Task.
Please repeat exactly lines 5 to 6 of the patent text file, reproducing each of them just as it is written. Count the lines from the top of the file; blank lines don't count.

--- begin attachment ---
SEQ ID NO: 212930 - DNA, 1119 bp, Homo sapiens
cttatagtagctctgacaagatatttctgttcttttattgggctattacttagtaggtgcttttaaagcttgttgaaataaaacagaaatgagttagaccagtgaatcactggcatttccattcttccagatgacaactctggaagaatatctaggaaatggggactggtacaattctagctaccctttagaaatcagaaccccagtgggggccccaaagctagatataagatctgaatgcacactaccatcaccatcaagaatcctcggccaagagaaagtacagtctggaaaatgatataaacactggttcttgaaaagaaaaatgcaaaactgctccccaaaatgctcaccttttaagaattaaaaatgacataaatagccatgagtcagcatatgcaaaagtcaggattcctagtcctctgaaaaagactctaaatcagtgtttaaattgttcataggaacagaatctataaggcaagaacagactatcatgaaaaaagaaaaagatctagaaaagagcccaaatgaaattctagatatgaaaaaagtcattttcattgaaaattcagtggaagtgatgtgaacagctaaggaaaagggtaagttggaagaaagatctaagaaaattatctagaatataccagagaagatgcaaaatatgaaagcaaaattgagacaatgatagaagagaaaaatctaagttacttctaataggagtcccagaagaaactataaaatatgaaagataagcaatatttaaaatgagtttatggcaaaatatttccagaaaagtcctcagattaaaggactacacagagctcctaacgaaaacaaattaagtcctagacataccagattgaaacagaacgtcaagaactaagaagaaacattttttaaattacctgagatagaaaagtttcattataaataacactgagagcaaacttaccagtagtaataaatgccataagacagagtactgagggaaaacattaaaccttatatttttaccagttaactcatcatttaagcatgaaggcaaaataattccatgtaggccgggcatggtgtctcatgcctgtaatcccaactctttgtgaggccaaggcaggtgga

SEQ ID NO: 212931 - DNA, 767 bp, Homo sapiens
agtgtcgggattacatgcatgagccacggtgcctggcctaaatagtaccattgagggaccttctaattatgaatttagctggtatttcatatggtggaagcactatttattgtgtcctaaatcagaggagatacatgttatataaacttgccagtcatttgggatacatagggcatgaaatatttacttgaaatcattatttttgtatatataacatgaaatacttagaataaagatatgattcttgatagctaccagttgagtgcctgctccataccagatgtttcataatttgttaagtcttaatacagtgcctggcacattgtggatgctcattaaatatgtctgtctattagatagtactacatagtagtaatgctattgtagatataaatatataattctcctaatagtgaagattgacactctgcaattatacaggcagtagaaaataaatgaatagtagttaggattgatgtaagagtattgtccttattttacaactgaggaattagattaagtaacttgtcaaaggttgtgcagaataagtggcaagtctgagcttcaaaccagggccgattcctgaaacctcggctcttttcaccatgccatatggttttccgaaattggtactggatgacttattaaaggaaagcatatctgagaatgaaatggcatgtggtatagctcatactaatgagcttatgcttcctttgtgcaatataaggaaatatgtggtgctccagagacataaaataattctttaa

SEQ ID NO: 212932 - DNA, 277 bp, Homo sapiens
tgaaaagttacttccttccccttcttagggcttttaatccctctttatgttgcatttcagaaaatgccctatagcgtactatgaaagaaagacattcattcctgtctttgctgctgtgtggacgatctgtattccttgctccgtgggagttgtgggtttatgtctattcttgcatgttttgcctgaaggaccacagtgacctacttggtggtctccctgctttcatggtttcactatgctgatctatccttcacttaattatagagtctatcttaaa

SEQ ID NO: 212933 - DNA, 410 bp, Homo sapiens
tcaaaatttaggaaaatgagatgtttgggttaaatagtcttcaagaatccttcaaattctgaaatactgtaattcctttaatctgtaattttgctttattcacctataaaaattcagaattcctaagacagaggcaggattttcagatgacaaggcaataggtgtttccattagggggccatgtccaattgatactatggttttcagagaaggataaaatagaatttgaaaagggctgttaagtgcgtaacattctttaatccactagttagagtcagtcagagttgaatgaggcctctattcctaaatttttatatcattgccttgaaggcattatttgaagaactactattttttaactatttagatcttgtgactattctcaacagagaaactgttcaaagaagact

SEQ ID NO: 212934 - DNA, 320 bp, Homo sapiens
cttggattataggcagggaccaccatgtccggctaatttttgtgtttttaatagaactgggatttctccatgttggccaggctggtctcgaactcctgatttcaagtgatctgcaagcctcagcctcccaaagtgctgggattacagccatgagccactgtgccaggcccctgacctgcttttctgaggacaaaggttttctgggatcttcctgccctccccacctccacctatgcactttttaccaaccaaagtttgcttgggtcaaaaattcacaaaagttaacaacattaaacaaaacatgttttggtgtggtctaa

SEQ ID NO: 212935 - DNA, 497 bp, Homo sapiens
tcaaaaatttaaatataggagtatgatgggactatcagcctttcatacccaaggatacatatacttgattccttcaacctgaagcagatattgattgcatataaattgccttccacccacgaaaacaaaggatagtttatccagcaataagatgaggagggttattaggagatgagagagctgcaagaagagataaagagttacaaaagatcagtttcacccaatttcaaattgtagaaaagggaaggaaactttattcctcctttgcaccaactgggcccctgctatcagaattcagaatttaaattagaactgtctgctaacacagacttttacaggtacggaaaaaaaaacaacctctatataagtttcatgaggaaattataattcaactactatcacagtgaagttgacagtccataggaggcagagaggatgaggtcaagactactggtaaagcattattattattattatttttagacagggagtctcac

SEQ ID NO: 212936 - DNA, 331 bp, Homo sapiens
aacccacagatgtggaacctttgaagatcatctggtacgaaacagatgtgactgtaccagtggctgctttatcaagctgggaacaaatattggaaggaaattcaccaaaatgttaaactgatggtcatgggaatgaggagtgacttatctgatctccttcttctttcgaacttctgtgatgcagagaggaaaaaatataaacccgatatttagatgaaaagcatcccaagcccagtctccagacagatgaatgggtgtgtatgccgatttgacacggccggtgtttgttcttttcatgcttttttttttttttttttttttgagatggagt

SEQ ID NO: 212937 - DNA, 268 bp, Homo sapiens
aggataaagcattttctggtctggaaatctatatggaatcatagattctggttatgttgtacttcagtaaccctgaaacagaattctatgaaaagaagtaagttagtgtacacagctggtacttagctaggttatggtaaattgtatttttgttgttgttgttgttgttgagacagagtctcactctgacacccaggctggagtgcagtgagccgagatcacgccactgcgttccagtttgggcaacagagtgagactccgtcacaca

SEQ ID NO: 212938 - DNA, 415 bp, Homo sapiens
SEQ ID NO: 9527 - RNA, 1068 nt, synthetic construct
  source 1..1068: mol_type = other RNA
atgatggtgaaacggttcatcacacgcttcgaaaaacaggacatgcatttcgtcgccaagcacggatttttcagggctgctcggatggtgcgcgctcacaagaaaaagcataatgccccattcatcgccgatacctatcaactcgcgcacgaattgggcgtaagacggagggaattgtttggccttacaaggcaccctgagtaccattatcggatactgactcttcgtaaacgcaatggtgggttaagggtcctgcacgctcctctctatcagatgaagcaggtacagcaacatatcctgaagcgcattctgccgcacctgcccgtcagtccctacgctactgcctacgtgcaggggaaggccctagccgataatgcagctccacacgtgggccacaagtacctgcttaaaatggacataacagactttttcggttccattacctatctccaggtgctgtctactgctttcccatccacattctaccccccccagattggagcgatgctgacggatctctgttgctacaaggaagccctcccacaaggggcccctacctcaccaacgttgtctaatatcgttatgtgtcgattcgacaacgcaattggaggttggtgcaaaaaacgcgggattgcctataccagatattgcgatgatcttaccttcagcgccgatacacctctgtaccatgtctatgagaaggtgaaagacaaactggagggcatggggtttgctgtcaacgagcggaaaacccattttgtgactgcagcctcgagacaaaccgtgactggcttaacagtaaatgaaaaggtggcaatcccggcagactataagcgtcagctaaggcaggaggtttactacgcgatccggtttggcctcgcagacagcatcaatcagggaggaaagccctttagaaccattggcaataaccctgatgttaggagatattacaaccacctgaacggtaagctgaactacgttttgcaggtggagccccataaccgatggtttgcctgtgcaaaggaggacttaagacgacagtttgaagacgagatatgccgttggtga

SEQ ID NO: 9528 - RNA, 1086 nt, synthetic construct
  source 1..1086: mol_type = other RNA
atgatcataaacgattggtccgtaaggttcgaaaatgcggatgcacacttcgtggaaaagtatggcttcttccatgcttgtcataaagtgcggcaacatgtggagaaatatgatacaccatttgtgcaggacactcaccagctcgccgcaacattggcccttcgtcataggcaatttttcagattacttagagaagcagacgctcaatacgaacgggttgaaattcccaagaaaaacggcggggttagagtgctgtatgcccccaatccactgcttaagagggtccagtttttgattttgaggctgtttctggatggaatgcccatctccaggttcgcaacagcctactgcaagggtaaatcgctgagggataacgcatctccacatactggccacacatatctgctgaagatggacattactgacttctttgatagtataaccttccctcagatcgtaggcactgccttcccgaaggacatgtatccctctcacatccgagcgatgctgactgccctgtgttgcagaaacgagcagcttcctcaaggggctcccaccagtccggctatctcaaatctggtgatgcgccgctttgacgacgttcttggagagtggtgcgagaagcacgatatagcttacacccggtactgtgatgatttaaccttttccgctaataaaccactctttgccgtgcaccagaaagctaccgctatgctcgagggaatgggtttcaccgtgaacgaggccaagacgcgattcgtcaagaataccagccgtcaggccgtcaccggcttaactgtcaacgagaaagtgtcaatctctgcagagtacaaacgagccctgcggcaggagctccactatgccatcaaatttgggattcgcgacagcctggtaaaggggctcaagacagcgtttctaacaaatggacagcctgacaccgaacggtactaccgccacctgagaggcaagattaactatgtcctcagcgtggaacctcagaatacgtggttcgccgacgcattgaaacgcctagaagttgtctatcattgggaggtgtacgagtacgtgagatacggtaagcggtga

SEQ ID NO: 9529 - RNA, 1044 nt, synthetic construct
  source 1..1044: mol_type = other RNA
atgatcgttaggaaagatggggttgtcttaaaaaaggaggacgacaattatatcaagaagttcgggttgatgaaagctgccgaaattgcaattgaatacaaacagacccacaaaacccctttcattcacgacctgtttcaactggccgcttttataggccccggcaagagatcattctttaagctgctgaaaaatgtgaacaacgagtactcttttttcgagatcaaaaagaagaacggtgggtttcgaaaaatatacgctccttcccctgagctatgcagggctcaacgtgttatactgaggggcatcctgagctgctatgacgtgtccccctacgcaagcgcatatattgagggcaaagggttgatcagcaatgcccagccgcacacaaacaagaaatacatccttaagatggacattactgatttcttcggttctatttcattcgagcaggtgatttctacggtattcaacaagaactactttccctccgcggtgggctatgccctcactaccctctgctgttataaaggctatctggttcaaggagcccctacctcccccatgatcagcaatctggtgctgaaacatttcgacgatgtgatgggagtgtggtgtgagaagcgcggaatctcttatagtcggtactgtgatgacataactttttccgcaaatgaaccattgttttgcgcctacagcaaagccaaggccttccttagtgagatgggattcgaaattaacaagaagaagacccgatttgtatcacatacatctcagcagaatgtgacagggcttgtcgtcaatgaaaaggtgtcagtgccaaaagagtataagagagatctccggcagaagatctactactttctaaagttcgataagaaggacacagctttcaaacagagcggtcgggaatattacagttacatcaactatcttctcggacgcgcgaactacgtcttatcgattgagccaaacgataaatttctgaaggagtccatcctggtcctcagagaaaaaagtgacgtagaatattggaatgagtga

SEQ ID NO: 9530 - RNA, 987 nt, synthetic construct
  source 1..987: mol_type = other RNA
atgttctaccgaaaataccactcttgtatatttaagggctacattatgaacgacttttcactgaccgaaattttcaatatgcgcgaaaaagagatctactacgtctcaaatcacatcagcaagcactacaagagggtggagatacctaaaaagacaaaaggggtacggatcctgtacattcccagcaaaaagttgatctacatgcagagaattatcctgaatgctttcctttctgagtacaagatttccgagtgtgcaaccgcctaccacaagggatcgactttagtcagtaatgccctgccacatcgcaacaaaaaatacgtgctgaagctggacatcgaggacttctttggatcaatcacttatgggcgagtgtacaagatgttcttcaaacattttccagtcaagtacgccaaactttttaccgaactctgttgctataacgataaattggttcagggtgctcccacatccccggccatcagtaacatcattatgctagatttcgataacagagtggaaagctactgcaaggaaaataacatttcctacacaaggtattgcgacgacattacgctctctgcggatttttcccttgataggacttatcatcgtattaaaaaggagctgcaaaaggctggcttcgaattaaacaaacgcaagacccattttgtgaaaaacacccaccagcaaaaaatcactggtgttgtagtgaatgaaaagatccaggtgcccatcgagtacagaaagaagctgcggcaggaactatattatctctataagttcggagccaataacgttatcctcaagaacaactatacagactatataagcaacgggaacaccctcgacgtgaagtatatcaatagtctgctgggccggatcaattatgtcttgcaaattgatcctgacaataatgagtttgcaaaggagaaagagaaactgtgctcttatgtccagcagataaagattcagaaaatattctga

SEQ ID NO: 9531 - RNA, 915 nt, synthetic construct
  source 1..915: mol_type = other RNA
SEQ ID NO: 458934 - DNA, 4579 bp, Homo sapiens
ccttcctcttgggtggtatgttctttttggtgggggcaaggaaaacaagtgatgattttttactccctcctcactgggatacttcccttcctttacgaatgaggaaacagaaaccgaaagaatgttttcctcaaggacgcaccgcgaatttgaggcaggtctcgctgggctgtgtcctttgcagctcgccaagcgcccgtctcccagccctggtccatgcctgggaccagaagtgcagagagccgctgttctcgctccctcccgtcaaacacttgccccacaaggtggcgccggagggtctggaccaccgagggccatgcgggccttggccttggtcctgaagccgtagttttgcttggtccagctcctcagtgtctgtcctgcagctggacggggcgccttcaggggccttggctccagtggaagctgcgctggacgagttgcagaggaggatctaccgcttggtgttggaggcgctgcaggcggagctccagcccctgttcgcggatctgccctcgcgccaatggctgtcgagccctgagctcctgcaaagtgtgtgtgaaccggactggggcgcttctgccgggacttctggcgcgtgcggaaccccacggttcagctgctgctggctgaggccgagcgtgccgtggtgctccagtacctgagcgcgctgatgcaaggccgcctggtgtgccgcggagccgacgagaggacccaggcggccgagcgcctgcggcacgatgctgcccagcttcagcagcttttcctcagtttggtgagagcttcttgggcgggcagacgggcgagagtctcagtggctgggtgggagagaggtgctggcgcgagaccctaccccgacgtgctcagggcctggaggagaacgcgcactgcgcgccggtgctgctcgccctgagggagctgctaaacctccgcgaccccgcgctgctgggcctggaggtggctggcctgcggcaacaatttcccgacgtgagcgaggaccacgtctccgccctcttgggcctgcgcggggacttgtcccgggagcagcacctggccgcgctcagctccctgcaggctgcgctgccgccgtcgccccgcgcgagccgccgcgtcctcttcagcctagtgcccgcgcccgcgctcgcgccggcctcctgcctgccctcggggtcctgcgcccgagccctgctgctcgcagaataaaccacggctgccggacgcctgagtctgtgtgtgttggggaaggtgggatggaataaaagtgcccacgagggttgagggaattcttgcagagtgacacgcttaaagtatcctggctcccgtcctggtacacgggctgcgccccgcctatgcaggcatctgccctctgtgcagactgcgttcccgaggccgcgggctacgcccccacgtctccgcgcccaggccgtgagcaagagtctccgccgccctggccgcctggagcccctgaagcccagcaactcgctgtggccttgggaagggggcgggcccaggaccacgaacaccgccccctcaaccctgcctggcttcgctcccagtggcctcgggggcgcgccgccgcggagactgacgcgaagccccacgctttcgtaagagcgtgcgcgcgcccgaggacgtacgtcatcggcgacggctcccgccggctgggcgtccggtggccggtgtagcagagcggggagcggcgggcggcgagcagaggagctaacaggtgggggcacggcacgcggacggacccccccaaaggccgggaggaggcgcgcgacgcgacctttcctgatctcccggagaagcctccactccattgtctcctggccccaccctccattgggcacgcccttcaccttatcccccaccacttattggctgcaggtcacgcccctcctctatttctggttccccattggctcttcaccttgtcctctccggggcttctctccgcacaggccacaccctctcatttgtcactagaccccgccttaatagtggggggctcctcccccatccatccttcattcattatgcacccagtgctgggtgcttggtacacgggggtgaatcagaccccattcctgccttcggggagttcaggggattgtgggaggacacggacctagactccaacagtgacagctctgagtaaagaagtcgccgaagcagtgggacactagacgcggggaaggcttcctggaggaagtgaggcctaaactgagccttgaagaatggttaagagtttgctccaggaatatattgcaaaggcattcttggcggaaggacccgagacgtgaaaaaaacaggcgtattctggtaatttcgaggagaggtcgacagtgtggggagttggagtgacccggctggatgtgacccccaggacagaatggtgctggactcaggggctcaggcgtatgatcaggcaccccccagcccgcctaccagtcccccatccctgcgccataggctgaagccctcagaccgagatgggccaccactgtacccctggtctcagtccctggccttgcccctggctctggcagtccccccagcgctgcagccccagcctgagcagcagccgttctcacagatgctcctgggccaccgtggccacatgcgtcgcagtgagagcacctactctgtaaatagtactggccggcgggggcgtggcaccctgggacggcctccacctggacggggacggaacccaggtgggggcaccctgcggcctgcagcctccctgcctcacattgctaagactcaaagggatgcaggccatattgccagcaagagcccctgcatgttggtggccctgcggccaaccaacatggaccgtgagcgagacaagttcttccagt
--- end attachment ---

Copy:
SEQ ID NO: 212932 - DNA, 277 bp, Homo sapiens
tgaaaagttacttccttccccttcttagggcttttaatccctctttatgttgcatttcagaaaatgccctatagcgtactatgaaagaaagacattcattcctgtctttgctgctgtgtggacgatctgtattccttgctccgtgggagttgtgggtttatgtctattcttgcatgttttgcctgaaggaccacagtgacctacttggtggtctccctgctttcatggtttcactatgctgatctatccttcacttaattatagagtctatcttaaa